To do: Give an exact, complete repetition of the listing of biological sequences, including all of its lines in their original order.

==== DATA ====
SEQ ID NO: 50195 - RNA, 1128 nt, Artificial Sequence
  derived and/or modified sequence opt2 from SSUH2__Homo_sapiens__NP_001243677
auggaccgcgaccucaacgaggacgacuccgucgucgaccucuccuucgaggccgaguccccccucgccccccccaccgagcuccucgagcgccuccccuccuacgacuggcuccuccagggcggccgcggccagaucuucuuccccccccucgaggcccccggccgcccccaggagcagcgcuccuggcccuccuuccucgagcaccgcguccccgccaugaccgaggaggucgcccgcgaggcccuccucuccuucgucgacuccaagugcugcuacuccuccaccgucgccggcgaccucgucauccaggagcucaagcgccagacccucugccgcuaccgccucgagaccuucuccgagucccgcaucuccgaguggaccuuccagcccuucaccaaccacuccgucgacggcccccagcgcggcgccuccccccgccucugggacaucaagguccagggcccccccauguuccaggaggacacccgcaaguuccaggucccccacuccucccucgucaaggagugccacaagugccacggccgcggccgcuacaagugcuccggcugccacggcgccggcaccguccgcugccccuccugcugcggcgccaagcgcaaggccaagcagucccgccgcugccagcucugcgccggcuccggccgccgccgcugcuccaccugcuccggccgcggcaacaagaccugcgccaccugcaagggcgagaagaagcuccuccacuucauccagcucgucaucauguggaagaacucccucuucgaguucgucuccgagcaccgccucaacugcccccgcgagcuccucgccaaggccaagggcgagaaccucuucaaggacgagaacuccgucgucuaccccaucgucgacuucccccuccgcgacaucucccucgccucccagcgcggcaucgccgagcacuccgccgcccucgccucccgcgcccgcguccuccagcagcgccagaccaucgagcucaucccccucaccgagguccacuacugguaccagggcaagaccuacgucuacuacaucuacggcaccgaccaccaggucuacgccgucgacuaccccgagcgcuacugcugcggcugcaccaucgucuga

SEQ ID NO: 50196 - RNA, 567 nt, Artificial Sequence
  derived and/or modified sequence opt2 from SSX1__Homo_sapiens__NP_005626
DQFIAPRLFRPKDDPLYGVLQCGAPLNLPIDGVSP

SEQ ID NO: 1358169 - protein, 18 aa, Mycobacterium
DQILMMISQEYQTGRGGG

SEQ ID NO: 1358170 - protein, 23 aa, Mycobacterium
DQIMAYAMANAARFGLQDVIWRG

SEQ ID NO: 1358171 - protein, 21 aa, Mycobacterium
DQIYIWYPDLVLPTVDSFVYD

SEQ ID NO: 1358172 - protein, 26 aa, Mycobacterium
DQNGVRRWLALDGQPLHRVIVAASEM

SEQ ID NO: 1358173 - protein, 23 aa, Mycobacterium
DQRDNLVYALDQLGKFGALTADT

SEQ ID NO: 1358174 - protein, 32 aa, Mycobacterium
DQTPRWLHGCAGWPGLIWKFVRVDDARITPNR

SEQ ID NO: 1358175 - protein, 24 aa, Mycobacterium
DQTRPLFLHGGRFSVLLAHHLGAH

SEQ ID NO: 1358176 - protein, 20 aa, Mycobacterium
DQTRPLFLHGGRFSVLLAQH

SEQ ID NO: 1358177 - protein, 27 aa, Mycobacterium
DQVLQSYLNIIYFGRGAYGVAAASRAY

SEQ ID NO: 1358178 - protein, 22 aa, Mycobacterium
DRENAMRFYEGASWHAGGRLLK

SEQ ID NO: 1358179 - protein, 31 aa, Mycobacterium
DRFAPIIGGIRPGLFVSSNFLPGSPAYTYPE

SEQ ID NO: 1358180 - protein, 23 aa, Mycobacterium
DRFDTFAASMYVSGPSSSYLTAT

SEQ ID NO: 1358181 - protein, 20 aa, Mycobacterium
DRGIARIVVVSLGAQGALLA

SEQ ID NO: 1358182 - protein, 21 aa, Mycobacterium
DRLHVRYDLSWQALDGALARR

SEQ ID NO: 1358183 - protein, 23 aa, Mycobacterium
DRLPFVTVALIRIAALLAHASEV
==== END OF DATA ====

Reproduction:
SEQ ID NO: 50195 - RNA, 1128 nt, Artificial Sequence
  derived and/or modified sequence opt2 from SSUH2__Homo_sapiens__NP_001243677
auggaccgcgaccucaacgaggacgacuccgucgucgaccucuccuucgaggccgaguccccccucgccccccccaccgagcuccucgagcgccuccccuccuacgacuggcuccuccagggcggccgcggccagaucuucuuccccccccucgaggcccccggccgcccccaggagcagcgcuccuggcccuccuuccucgagcaccgcguccccgccaugaccgaggaggucgcccgcgaggcccuccucuccuucgucgacuccaagugcugcuacuccuccaccgucgccggcgaccucgucauccaggagcucaagcgccagacccucugccgcuaccgccucgagaccuucuccgagucccgcaucuccgaguggaccuuccagcccuucaccaaccacuccgucgacggcccccagcgcggcgccuccccccgccucugggacaucaagguccagggcccccccauguuccaggaggacacccgcaaguuccaggucccccacuccucccucgucaaggagugccacaagugccacggccgcggccgcuacaagugcuccggcugccacggcgccggcaccguccgcugccccuccugcugcggcgccaagcgcaaggccaagcagucccgccgcugccagcucugcgccggcuccggccgccgccgcugcuccaccugcuccggccgcggcaacaagaccugcgccaccugcaagggcgagaagaagcuccuccacuucauccagcucgucaucauguggaagaacucccucuucgaguucgucuccgagcaccgccucaacugcccccgcgagcuccucgccaaggccaagggcgagaaccucuucaaggacgagaacuccgucgucuaccccaucgucgacuucccccuccgcgacaucucccucgccucccagcgcggcaucgccgagcacuccgccgcccucgccucccgcgcccgcguccuccagcagcgccagaccaucgagcucaucccccucaccgagguccacuacugguaccagggcaagaccuacgucuacuacaucuacggcaccgaccaccaggucuacgccgucgacuaccccgagcgcuacugcugcggcugcaccaucgucuga

SEQ ID NO: 50196 - RNA, 567 nt, Artificial Sequence
  derived and/or modified sequence opt2 from SSX1__Homo_sapiens__NP_005626
DQFIAPRLFRPKDDPLYGVLQCGAPLNLPIDGVSP

SEQ ID NO: 1358169 - protein, 18 aa, Mycobacterium
DQILMMISQEYQTGRGGG

SEQ ID NO: 1358170 - protein, 23 aa, Mycobacterium
DQIMAYAMANAARFGLQDVIWRG

SEQ ID NO: 1358171 - protein, 21 aa, Mycobacterium
DQIYIWYPDLVLPTVDSFVYD

SEQ ID NO: 1358172 - protein, 26 aa, Mycobacterium
DQNGVRRWLALDGQPLHRVIVAASEM

SEQ ID NO: 1358173 - protein, 23 aa, Mycobacterium
DQRDNLVYALDQLGKFGALTADT

SEQ ID NO: 1358174 - protein, 32 aa, Mycobacterium
DQTPRWLHGCAGWPGLIWKFVRVDDARITPNR

SEQ ID NO: 1358175 - protein, 24 aa, Mycobacterium
DQTRPLFLHGGRFSVLLAHHLGAH

SEQ ID NO: 1358176 - protein, 20 aa, Mycobacterium
DQTRPLFLHGGRFSVLLAQH

SEQ ID NO: 1358177 - protein, 27 aa, Mycobacterium
DQVLQSYLNIIYFGRGAYGVAAASRAY

SEQ ID NO: 1358178 - protein, 22 aa, Mycobacterium
DRENAMRFYEGASWHAGGRLLK

SEQ ID NO: 1358179 - protein, 31 aa, Mycobacterium
DRFAPIIGGIRPGLFVSSNFLPGSPAYTYPE

SEQ ID NO: 1358180 - protein, 23 aa, Mycobacterium
DRFDTFAASMYVSGPSSSYLTAT

SEQ ID NO: 1358181 - protein, 20 aa, Mycobacterium
DRGIARIVVVSLGAQGALLA

SEQ ID NO: 1358182 - protein, 21 aa, Mycobacterium
DRLHVRYDLSWQALDGALARR

SEQ ID NO: 1358183 - protein, 23 aa, Mycobacterium
DRLPFVTVALIRIAALLAHASEV